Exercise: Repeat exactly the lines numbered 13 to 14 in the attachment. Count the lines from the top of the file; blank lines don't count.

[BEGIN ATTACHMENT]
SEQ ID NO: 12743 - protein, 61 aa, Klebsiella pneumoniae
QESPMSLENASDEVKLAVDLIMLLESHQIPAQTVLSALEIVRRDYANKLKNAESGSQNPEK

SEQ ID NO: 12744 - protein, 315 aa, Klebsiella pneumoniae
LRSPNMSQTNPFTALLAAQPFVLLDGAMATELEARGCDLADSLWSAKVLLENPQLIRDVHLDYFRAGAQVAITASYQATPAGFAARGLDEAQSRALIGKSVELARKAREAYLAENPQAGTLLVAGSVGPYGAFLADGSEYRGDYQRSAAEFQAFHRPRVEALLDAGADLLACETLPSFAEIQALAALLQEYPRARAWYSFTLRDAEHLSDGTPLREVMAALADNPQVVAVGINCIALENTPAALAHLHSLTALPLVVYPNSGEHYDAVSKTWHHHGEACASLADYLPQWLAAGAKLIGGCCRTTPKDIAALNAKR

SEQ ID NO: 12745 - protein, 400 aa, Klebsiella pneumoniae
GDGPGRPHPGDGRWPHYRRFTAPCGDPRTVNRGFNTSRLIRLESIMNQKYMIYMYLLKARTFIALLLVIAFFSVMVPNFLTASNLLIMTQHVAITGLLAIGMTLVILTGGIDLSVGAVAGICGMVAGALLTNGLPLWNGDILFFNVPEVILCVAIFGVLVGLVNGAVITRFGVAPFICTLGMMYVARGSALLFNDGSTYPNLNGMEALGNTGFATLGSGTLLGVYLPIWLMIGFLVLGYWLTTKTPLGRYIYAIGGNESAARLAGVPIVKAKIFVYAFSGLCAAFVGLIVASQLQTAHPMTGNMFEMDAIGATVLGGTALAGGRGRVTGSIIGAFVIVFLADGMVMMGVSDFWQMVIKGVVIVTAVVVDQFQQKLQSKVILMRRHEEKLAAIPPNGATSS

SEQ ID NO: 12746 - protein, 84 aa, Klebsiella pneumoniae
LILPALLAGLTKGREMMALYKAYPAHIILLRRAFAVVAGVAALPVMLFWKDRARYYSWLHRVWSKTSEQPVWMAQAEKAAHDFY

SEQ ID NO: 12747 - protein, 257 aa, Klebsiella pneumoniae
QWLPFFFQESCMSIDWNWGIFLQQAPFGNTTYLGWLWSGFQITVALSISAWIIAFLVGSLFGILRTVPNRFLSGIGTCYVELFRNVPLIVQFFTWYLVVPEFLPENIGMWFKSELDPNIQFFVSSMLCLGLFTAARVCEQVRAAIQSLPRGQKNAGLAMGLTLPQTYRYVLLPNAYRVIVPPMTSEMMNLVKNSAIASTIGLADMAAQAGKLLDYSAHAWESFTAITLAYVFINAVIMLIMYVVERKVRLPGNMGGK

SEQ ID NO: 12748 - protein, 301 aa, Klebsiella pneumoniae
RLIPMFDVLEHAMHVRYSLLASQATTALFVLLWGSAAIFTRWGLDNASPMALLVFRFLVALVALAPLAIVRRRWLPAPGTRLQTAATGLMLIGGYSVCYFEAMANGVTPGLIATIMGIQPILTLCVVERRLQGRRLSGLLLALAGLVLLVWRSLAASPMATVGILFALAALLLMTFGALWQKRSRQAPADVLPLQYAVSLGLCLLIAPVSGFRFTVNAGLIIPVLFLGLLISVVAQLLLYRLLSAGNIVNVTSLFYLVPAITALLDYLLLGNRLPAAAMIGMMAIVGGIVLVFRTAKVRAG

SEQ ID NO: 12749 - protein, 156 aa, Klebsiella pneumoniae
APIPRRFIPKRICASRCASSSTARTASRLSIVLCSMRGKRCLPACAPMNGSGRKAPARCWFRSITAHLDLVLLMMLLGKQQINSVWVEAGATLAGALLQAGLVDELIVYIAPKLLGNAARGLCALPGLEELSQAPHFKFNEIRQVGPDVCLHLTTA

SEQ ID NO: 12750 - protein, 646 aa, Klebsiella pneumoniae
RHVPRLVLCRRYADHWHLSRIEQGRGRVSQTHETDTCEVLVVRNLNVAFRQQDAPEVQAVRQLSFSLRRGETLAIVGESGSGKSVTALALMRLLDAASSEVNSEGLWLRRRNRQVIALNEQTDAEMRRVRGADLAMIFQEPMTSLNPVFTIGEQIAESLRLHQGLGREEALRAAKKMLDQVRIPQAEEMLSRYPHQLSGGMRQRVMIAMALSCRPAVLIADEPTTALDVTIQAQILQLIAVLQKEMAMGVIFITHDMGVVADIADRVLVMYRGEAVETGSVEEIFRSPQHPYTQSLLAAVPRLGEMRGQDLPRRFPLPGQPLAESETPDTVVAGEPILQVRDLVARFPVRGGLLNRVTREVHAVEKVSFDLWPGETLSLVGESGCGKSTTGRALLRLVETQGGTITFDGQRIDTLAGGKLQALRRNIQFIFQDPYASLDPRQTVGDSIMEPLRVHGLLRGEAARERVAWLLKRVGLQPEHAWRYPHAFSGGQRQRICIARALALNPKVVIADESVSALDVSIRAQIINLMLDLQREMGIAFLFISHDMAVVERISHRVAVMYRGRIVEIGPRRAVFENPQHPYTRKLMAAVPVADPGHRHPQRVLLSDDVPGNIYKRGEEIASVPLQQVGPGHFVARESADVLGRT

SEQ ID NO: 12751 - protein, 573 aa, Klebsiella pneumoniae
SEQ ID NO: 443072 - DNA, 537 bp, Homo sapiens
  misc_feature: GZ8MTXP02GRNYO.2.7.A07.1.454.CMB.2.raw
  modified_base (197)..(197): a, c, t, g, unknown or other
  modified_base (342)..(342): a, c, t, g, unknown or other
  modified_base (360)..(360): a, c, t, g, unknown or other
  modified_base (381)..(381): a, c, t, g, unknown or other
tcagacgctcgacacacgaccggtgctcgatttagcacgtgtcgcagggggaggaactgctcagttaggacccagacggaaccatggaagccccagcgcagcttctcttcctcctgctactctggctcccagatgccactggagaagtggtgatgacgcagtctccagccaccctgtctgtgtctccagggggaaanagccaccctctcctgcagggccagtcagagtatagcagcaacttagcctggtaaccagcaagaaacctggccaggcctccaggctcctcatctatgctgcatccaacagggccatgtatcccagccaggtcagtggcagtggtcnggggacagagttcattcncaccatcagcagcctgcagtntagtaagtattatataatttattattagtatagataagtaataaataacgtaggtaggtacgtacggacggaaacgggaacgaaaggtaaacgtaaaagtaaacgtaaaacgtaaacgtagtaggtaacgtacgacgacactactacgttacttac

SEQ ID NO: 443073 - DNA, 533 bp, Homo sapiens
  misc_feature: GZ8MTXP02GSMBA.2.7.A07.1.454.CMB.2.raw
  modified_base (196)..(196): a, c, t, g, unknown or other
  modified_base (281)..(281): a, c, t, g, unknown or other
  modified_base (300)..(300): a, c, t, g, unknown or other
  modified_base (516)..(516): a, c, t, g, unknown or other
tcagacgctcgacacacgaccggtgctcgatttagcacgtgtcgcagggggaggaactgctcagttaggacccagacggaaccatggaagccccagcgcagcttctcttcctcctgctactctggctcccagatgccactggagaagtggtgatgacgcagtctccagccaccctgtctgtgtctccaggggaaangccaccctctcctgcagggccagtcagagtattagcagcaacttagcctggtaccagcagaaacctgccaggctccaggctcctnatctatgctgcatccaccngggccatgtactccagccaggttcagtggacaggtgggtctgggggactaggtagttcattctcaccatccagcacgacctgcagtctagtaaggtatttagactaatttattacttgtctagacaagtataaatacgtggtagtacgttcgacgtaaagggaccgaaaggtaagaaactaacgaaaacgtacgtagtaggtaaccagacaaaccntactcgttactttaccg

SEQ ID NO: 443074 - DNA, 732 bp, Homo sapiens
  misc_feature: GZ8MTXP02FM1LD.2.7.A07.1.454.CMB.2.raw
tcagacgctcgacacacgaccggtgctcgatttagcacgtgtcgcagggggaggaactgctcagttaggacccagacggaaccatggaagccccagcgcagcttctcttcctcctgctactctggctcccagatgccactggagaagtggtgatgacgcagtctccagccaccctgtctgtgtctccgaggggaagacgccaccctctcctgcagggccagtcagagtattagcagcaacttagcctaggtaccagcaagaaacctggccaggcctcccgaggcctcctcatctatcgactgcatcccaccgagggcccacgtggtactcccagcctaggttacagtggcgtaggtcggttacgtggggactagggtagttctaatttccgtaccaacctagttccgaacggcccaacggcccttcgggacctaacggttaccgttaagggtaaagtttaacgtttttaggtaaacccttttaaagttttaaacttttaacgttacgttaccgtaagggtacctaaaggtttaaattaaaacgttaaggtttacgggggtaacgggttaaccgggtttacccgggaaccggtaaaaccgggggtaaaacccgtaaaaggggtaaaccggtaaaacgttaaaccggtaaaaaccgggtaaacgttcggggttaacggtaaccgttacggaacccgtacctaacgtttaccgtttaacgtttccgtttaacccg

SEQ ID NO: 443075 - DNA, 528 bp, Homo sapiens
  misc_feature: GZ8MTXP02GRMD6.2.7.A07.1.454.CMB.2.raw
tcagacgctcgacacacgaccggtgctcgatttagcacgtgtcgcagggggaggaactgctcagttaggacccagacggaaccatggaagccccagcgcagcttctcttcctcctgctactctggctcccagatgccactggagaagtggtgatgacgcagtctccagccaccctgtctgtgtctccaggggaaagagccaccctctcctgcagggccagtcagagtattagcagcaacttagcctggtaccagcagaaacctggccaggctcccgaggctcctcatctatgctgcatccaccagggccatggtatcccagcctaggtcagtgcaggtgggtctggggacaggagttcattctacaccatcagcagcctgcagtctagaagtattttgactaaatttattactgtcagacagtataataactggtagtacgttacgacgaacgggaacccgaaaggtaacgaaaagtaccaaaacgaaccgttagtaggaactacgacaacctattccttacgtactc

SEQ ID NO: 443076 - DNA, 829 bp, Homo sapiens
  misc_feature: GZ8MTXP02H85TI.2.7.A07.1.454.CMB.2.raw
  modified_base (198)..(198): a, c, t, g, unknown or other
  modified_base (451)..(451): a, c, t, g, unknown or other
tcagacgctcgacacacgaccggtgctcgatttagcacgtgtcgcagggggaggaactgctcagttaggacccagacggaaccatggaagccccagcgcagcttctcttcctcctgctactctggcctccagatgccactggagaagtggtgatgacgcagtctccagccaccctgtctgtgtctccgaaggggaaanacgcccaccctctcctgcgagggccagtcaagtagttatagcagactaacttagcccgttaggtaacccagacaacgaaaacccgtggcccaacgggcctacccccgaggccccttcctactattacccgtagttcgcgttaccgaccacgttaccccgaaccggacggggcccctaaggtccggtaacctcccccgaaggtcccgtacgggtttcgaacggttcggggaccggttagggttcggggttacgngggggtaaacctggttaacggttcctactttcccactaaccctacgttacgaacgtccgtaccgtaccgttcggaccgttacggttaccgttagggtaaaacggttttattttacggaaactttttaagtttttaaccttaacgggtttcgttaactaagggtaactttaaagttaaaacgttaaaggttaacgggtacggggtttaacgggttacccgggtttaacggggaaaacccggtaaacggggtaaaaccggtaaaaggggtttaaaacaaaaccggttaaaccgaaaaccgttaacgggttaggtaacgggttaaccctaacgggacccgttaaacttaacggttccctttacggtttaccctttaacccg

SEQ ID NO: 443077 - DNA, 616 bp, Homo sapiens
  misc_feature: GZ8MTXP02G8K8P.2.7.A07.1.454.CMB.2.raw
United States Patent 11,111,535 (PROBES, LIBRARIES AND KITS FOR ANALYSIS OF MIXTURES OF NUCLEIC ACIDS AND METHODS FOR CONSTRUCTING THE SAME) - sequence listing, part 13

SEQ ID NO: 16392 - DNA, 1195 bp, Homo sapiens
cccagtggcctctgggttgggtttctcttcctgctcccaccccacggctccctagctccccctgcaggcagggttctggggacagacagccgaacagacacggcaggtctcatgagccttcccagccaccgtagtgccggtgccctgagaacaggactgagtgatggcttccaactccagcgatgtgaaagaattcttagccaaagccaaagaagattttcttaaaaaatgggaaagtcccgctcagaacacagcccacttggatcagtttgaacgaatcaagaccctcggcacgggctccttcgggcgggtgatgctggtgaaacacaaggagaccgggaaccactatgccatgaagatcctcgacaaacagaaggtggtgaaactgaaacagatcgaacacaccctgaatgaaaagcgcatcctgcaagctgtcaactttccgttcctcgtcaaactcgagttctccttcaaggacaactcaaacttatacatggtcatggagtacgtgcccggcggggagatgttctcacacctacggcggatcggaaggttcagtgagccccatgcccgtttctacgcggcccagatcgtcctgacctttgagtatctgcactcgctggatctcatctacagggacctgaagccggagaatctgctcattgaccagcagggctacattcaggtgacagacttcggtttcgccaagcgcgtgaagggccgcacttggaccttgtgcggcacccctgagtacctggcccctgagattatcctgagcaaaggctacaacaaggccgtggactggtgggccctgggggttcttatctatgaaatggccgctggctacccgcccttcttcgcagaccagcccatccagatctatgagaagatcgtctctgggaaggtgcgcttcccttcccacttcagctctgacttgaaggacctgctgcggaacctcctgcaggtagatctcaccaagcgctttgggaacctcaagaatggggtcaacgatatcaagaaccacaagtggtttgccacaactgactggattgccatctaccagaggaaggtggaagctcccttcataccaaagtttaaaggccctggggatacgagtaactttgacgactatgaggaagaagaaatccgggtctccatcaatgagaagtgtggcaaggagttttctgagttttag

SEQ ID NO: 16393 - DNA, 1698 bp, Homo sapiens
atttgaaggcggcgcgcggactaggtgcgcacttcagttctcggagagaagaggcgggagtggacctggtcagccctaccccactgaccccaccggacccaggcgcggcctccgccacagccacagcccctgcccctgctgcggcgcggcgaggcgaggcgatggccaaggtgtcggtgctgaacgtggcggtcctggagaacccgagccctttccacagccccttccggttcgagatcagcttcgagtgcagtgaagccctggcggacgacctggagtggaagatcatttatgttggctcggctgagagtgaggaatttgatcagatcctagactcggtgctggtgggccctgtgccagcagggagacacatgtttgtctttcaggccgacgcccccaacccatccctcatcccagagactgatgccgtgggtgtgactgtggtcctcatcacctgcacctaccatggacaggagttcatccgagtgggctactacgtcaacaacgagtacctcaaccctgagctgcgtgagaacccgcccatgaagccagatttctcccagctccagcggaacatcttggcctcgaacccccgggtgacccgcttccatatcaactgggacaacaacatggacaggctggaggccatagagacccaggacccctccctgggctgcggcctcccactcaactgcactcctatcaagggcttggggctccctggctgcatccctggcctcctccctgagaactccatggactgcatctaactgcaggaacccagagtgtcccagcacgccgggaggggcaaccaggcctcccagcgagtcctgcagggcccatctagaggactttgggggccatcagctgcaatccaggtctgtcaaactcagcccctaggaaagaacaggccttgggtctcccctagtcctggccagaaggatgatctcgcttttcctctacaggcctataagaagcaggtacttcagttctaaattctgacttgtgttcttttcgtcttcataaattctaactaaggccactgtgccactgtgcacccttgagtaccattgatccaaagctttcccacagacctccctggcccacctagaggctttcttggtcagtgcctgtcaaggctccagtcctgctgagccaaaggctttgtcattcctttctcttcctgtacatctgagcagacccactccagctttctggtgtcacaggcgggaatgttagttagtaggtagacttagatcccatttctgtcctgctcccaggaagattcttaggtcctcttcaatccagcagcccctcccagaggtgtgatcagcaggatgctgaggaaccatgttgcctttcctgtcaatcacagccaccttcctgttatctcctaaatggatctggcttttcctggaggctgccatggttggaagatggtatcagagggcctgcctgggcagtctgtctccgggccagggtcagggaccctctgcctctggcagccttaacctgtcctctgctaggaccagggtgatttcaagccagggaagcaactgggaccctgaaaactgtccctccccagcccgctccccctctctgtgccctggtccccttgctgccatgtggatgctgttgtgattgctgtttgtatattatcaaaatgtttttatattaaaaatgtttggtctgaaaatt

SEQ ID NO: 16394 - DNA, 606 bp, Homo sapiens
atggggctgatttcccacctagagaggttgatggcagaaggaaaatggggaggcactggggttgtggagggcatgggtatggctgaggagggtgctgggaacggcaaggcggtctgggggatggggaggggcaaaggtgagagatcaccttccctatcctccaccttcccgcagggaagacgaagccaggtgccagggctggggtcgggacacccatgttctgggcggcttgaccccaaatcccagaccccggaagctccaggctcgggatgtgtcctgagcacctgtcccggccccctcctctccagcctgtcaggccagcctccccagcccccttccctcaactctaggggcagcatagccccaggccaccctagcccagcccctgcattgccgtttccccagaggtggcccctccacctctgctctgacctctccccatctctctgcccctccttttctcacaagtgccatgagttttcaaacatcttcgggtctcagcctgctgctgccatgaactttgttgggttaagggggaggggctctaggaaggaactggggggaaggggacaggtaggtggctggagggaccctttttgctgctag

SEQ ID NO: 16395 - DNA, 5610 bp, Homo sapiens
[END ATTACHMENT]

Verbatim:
SEQ ID NO: 12749 - protein, 156 aa, Klebsiella pneumoniae
APIPRRFIPKRICASRCASSSTARTASRLSIVLCSMRGKRCLPACAPMNGSGRKAPARCWFRSITAHLDLVLLMMLLGKQQINSVWVEAGATLAGALLQAGLVDELIVYIAPKLLGNAARGLCALPGLEELSQAPHFKFNEIRQVGPDVCLHLTTA